Our lives are marked by firsts: First love, first car, first marriage, first kid, first heartbreak, and first camera (hopefully, not in that order). For many generations of photographers, that first “real camera” was the Pentax K1000.
Photographs © Todd Vorenkamp
The Pentax K1000 was not my first camera, but it was my brother’s. Dad bought him one after my brother started taking photography classes in high school. I didn’t get into real picture-taking until I was in college and thus launched into the photography world with the decidedly more modern (but ultimately far less iconic) Nikon N6006.
However, several years (and many “firsts”) later, I stumbled across a Pentax K1000 at an estate sale, in Rhode Island. Knowing I could review the K1000 for B&H (and having always wanted one of my own), I scooped it up immediately. I paired it with a Pentax 50mm lens, which I used for the photos in this review.
The History of Pentax K1000
Because of its incredibly long production run (1976-1997), and the more than three million units sold, the Pentax K1000 has carved out its place in the history of cameras and photography. It was never pressed into service as a “pro camera,” but professional shooters undoubtedly used these over the years. The Pentax K1000 is an incredibly simple and easy-to-use SLR camera—characteristics that made it ideal for students and beginners in photography.
When it comes to SLR cameras, the Pentax K1000 is as simple as you can get. There is no On/Off button or switch. The only controls are to set your shutter speed from 1 sec to 1/1000, dial-in your film ISO/ASA from 20-3200, a lever to wind said film and cock the shutter, and a button to release the shutter. Aperture will be controlled by the attached lens. The TTL light meter is built in and is as simple as simple gets—a pointer moves up and down; a break in the black strip at the right side of the viewfinder shows where the needle should rest for “proper” exposure. Just in case you forgot which way is which, a “+” sign is at the top and a “-“ is at the bottom.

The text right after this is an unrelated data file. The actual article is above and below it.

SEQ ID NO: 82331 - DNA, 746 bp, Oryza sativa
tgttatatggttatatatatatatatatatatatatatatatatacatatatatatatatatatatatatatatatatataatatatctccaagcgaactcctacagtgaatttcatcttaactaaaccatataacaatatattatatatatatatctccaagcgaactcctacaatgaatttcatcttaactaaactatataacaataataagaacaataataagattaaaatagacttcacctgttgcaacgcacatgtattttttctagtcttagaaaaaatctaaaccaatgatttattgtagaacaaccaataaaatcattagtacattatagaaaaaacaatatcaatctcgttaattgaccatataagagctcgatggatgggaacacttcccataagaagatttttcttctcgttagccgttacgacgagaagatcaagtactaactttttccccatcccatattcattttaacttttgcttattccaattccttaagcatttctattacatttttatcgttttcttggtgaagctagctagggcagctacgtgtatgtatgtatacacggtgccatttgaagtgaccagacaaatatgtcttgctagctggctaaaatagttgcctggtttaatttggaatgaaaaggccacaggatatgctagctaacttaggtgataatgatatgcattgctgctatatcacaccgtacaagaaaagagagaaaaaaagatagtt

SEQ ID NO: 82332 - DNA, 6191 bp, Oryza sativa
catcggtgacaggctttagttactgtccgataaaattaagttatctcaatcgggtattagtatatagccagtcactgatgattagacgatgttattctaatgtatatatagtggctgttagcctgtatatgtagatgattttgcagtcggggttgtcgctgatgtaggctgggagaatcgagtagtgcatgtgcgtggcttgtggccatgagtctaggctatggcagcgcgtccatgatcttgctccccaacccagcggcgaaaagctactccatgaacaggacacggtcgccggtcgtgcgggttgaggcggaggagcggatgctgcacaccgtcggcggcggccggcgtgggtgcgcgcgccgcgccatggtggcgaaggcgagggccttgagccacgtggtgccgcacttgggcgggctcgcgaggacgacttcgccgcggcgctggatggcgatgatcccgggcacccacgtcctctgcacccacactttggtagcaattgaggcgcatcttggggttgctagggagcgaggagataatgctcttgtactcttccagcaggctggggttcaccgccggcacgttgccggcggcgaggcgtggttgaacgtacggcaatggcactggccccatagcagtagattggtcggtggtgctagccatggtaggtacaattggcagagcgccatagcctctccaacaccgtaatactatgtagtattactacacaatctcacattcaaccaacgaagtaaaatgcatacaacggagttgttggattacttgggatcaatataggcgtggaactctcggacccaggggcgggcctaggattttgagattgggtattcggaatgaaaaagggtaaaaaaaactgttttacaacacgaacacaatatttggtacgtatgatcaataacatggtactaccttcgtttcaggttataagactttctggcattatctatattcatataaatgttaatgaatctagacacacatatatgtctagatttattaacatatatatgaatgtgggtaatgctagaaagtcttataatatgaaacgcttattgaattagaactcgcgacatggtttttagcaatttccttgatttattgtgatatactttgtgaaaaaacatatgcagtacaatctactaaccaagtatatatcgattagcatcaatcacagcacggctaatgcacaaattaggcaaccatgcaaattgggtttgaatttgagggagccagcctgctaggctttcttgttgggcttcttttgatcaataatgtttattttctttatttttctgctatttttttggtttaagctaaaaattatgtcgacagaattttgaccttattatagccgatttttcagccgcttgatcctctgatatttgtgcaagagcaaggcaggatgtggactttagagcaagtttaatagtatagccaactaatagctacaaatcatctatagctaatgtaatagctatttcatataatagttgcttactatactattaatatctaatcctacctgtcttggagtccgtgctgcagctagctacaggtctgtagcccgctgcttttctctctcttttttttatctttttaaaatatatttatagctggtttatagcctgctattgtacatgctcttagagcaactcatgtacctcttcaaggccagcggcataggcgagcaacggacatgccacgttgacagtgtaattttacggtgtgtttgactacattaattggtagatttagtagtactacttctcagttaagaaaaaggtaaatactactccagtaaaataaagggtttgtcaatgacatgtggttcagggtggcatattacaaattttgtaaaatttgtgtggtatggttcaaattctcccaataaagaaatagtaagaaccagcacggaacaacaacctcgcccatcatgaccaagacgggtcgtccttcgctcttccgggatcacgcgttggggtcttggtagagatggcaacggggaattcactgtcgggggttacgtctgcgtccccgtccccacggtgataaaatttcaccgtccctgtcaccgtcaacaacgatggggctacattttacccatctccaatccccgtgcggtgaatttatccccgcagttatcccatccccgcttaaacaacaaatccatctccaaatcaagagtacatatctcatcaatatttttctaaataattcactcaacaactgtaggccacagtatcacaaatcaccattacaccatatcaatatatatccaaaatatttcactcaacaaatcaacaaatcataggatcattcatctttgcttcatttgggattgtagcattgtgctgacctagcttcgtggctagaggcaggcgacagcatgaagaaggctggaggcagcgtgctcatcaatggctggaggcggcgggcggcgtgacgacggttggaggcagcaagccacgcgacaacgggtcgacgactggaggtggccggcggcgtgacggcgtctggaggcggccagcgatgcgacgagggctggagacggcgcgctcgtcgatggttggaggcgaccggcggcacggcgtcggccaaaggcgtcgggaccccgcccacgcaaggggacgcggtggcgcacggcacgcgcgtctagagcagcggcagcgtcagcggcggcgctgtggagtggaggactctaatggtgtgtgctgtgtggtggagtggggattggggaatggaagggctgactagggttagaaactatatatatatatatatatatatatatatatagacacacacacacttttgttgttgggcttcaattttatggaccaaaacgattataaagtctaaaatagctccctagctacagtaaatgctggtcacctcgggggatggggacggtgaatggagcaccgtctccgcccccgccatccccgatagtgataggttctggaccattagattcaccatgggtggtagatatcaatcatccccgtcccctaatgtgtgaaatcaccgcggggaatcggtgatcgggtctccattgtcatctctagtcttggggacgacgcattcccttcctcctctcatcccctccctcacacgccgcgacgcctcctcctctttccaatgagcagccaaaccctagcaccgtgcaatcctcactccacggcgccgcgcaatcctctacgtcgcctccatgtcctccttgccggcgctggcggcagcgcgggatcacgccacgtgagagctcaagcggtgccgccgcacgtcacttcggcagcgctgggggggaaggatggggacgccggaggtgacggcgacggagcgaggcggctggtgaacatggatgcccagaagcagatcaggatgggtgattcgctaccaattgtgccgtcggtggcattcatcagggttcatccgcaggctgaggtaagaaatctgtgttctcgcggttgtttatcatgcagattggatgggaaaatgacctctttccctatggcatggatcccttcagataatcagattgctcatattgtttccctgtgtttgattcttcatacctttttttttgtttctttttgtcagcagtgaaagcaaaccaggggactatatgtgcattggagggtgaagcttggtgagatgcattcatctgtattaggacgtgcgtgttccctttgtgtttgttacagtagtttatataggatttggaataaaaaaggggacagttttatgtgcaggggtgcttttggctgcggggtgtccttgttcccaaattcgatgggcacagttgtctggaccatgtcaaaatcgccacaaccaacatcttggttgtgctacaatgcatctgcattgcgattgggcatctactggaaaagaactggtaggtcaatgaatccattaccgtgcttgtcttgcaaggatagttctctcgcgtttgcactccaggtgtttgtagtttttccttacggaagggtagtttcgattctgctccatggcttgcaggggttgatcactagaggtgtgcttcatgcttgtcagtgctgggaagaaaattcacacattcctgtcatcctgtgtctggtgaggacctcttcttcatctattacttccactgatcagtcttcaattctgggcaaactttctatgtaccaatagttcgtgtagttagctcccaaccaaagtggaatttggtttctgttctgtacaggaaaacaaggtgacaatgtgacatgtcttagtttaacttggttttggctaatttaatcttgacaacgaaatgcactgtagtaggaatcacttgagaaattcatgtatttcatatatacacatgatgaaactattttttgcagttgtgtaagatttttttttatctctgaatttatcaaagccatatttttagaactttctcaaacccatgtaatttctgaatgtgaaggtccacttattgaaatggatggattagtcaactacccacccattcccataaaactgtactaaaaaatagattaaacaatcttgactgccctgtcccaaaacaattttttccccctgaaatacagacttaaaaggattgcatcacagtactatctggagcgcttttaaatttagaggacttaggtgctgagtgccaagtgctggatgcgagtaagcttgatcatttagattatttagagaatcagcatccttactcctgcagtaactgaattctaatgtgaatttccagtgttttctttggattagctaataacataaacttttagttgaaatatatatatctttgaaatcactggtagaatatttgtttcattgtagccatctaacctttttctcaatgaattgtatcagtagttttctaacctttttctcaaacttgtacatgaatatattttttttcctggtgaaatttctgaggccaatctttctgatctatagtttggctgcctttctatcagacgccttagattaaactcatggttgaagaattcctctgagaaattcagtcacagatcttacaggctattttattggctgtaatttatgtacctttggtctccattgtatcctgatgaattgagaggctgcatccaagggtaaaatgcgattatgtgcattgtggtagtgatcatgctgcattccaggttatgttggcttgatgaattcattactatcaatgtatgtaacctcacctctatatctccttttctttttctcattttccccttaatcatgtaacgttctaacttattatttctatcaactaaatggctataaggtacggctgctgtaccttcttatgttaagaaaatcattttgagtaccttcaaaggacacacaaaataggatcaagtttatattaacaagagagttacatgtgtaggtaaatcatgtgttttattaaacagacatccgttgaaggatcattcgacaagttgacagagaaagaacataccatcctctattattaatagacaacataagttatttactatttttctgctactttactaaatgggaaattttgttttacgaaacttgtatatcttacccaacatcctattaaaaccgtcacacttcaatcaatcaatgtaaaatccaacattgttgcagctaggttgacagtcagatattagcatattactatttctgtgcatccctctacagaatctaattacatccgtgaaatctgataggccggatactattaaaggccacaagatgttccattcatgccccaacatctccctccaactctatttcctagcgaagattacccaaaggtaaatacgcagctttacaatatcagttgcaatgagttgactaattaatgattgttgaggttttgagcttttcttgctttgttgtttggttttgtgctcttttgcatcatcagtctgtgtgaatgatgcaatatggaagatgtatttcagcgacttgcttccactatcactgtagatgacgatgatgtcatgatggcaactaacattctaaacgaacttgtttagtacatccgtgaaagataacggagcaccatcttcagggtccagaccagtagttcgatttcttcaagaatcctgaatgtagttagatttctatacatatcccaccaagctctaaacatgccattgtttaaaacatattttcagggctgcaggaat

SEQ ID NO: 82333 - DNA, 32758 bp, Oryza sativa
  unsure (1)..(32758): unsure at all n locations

The focusing screen is almost devoid of markings. There is a microprism spot focusing aid in the center (the K1000 SE had a split-image rangefinder and microprism). There are no electronic focusing aids, movable focus indicators, histogram overlays, exposure data, or anything. A tiny LR44 battery powers the light meter, which takes average readings across the viewing field. Because you cannot turn it off, leaving the lens cap off and the Pentax K1000 on a shelf will drain the battery. All other functions of the camera are manual and mechanical, so you can shoot all day and night long without electricity or batteries (if you don’t need the meter).
The first K1000 cameras were made in Japan and feature an all-metal body and the Asahi Pentax branding on the prism (Asahi Optical was the original manufacturer). In 1978, production of the K1000 shifted to Hong Kong. Following the move, many of the K1000’s metal components were replaced with plastic. The Asahi name and logo were removed. In 1990, production moved again—this time to mainland China.
The camera’s bayonet mount accepts all Pentax K-mount lenses—even the brand's latest glass.
Shooting the K1000
If you are looking to simplify your photography, but are trying to avoid disposable point-and-shoot cameras, the Pentax K1000 will give you the purest, simplest photographic SLR experience you could want. If you find the Pentax’s light meter to be a bit too much technology, you can remove the battery or pick up a Nikon F. But, let’s pretend that the light meter is something you want. Even so, with the Pentax K1000, you won’t have to worry about pixel pitch, confusing menus, autofocus modes, or high ISO noise.